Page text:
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New Net Neutrality Challenge in the House

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While we await the D.C. Circuit Court of Appeals’ decision on net neutrality after hearing oral arguments last December, House Republicans have taken action to halt the FCC’s authority to impose parts of the rules. The House passed the “No Rate Regulation of Broadband Internet Access Act” (H.R. 2666) which prohibits the FCC from doing exactly what the title describes.

The bill means to enforce via law FCC Chairman Wheeler’s pledge that the agency would not use its 2015 Open Internet Order to regulate Internet Service Provider’s (ISP) rates. Passing a bill into law would codify this pledge for future administrations. That Order did not, however, define “rate regulation.” This lack of definition came into question at a February markup of the bill in the Energy and Commerce Communications and Technology subcommittee. Without definition, there would be no way to tell if the FCC was acting within its authority when addressing ISPs. H.R. 2666 defines “rate regulation,” but broadly: “the use of rulemaking or authority to establish, declare, or review the reasonableness of the amount charged by an ISP for delivering Internet service.”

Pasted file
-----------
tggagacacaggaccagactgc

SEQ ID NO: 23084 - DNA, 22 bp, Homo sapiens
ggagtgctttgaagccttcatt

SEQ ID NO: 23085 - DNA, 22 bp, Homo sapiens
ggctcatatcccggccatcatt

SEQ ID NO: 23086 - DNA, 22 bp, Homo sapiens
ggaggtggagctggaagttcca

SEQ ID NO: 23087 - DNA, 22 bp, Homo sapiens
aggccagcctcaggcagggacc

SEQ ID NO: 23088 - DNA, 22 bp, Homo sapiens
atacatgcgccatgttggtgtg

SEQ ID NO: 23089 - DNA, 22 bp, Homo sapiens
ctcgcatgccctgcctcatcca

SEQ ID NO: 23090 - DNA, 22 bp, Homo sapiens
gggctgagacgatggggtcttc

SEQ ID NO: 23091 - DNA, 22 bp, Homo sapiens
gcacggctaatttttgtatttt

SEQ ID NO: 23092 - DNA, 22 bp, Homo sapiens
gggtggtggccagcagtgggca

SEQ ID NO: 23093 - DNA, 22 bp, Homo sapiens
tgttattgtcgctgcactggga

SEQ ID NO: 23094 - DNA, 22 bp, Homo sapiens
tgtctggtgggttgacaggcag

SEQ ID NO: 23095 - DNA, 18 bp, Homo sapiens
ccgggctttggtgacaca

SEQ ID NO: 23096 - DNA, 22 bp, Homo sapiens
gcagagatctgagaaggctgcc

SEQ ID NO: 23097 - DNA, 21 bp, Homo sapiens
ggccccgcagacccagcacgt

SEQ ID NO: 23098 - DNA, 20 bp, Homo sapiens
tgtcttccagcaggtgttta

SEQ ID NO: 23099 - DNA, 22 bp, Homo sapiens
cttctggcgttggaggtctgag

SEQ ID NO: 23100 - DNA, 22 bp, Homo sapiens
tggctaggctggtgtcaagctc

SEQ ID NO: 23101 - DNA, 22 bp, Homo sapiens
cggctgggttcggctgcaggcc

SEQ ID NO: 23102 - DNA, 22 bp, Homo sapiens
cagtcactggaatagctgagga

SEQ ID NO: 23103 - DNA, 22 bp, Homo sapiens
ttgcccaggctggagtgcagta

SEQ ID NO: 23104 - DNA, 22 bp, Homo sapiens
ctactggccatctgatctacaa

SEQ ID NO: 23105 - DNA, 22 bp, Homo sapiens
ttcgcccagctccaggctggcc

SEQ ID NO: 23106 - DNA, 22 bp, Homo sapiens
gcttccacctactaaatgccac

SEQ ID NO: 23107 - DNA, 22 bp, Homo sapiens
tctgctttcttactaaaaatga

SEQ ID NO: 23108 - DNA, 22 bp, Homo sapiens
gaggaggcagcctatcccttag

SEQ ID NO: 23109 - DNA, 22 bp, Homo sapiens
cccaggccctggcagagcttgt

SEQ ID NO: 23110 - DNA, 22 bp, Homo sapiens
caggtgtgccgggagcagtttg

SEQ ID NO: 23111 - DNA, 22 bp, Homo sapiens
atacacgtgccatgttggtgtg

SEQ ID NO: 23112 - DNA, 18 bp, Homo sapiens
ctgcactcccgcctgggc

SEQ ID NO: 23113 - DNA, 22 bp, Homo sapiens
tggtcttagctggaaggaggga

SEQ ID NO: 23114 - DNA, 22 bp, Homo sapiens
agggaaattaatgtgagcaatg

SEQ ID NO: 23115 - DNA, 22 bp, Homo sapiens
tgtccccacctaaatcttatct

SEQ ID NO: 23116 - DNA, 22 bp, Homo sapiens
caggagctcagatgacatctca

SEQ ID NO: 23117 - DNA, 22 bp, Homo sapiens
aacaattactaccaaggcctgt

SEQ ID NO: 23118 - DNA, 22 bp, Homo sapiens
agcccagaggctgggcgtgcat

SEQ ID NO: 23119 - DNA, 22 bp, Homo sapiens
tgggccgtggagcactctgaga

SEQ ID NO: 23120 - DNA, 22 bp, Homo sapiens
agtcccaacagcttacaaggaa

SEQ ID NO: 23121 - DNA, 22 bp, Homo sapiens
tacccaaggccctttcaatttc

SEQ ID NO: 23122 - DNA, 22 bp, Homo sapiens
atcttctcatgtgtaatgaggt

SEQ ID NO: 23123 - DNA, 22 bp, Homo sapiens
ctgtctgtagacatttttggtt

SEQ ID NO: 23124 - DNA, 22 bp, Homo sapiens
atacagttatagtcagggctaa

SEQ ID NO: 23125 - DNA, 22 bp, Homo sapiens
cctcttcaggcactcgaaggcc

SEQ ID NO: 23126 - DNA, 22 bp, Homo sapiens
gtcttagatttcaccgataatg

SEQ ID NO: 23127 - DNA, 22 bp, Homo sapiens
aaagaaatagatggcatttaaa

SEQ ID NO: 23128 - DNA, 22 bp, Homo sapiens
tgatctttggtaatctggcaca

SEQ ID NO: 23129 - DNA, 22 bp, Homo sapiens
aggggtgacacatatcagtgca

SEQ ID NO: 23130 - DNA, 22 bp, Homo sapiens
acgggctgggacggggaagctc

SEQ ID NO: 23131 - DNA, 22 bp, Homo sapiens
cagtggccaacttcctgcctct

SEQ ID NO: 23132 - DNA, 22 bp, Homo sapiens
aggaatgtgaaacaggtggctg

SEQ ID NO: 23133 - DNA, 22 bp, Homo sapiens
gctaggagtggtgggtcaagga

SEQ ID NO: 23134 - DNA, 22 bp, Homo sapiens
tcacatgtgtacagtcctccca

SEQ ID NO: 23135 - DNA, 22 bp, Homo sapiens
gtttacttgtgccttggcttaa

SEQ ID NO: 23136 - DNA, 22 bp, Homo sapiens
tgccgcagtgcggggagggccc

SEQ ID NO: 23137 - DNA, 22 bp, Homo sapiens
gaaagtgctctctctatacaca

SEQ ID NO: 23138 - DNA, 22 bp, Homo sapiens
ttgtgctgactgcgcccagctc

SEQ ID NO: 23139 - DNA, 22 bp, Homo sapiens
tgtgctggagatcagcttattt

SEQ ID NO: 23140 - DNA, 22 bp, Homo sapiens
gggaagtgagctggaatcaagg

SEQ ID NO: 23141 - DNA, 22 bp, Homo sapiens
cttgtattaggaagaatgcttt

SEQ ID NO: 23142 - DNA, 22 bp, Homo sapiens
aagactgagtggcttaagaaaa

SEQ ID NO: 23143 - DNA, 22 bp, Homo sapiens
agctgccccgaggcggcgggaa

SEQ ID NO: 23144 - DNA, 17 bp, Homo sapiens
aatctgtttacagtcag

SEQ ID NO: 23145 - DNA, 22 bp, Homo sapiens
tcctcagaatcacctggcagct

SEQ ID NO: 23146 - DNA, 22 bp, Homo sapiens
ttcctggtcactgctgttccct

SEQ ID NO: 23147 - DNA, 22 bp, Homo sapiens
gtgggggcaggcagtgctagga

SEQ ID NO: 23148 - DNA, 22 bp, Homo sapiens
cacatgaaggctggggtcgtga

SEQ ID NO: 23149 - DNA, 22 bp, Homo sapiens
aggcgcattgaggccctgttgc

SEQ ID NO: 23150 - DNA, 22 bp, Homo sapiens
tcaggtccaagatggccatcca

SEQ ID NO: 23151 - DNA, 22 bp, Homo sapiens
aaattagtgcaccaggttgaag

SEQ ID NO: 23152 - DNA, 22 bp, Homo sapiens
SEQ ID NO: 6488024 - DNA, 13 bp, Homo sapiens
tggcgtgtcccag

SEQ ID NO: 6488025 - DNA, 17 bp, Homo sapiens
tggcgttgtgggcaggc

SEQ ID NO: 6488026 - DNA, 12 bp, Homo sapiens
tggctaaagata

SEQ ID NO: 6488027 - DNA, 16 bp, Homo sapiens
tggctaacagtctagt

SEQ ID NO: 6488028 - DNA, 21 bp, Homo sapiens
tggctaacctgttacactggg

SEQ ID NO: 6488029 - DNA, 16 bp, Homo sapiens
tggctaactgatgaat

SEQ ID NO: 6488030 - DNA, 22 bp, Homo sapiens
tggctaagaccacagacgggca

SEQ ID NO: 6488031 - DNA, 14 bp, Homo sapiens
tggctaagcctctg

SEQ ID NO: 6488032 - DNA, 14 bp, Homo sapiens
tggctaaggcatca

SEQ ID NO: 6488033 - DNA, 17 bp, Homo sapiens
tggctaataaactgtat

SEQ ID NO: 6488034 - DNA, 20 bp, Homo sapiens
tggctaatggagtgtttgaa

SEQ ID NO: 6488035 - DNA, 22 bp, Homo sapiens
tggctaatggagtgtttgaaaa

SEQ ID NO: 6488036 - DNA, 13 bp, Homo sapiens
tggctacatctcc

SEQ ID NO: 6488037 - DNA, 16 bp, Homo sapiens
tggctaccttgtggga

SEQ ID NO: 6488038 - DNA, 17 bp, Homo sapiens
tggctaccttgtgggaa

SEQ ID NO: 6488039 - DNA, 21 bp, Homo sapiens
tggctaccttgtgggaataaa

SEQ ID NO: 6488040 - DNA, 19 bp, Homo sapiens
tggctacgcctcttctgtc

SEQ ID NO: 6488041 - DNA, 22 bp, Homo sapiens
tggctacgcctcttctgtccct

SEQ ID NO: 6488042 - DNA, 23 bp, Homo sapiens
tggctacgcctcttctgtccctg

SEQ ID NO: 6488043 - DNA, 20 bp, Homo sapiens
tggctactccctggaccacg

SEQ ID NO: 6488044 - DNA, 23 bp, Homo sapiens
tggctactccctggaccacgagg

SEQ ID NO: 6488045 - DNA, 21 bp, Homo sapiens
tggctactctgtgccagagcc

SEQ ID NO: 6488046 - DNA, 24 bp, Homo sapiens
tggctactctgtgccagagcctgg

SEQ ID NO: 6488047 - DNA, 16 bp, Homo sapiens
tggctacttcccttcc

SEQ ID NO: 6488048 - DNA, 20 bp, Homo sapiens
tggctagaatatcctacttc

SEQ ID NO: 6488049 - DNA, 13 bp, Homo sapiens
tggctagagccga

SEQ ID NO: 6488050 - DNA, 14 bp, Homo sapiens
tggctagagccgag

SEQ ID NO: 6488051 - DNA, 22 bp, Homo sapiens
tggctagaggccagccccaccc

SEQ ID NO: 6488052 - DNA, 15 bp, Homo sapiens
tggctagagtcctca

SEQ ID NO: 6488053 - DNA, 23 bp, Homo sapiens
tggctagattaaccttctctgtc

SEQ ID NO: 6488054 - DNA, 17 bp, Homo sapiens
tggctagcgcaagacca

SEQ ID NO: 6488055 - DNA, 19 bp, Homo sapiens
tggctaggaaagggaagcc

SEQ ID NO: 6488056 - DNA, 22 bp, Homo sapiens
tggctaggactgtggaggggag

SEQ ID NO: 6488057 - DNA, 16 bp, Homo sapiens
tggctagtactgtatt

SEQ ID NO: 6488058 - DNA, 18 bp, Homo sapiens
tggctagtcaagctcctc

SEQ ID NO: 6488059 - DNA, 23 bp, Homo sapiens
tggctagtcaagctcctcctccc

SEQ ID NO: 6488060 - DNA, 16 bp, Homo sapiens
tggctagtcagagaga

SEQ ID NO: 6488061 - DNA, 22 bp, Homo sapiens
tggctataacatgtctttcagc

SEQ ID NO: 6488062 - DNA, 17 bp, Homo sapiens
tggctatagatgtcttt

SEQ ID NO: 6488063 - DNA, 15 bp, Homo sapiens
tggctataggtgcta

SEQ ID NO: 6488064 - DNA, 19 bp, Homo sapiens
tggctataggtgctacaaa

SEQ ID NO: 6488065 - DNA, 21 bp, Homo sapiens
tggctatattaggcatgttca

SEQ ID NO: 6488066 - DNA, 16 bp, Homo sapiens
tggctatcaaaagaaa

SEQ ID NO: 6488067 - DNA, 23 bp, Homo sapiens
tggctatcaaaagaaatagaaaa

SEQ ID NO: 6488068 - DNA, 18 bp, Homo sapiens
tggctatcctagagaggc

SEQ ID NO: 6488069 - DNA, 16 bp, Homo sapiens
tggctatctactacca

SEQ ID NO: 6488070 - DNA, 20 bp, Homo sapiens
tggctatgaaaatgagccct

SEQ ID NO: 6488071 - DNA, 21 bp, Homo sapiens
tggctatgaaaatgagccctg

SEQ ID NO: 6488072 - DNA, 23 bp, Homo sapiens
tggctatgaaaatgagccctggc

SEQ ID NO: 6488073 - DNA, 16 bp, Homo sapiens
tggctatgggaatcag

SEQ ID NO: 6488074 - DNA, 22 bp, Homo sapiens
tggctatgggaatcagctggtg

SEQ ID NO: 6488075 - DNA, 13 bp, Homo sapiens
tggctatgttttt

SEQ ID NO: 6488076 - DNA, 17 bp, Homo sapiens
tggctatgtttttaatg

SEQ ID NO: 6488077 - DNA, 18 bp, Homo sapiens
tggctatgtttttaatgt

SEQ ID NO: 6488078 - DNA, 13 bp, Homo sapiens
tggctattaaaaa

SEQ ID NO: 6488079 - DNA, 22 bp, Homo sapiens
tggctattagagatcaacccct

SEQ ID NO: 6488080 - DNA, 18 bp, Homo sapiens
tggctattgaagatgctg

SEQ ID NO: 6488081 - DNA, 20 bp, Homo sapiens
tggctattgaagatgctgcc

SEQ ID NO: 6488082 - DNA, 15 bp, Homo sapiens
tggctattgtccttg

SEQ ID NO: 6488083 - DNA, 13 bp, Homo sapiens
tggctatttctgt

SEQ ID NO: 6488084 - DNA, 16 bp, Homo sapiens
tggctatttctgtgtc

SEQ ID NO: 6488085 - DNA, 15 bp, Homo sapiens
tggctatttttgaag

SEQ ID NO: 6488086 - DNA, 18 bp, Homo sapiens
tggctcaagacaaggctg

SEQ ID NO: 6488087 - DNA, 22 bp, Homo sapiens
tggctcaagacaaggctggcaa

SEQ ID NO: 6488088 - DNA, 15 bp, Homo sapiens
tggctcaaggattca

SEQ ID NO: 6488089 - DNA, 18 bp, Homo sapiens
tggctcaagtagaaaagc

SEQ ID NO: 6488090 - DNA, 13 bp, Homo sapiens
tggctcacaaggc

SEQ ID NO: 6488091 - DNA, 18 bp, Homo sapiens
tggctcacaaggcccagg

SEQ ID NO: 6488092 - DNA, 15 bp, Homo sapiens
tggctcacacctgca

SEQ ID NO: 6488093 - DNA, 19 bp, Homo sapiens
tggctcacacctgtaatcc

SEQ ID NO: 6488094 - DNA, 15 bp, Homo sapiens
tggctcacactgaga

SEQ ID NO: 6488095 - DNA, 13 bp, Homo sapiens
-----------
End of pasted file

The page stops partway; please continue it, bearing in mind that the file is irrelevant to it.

Wheeler has expressed concern that the bill would actually hinder the agency from enforcing other net neutrality rules such as those banning ISPs from blocking or throttling lawful content. Any FCC actions to enforce these bans could be misconstrued as rate regulation. The bill states directly that it does not affect the FCC’s authority to ban paid prioritization (also called internet “fast lanes”). President Obama has threatened to veto the bill should it also pass the Senate. In an official statement issued earlier this month, he states that the bill is “overly broad” and would “restrict the FCC’s ability to take enforcement actions to protect consumers on issues where the FCC has received numerous consumer complaints.”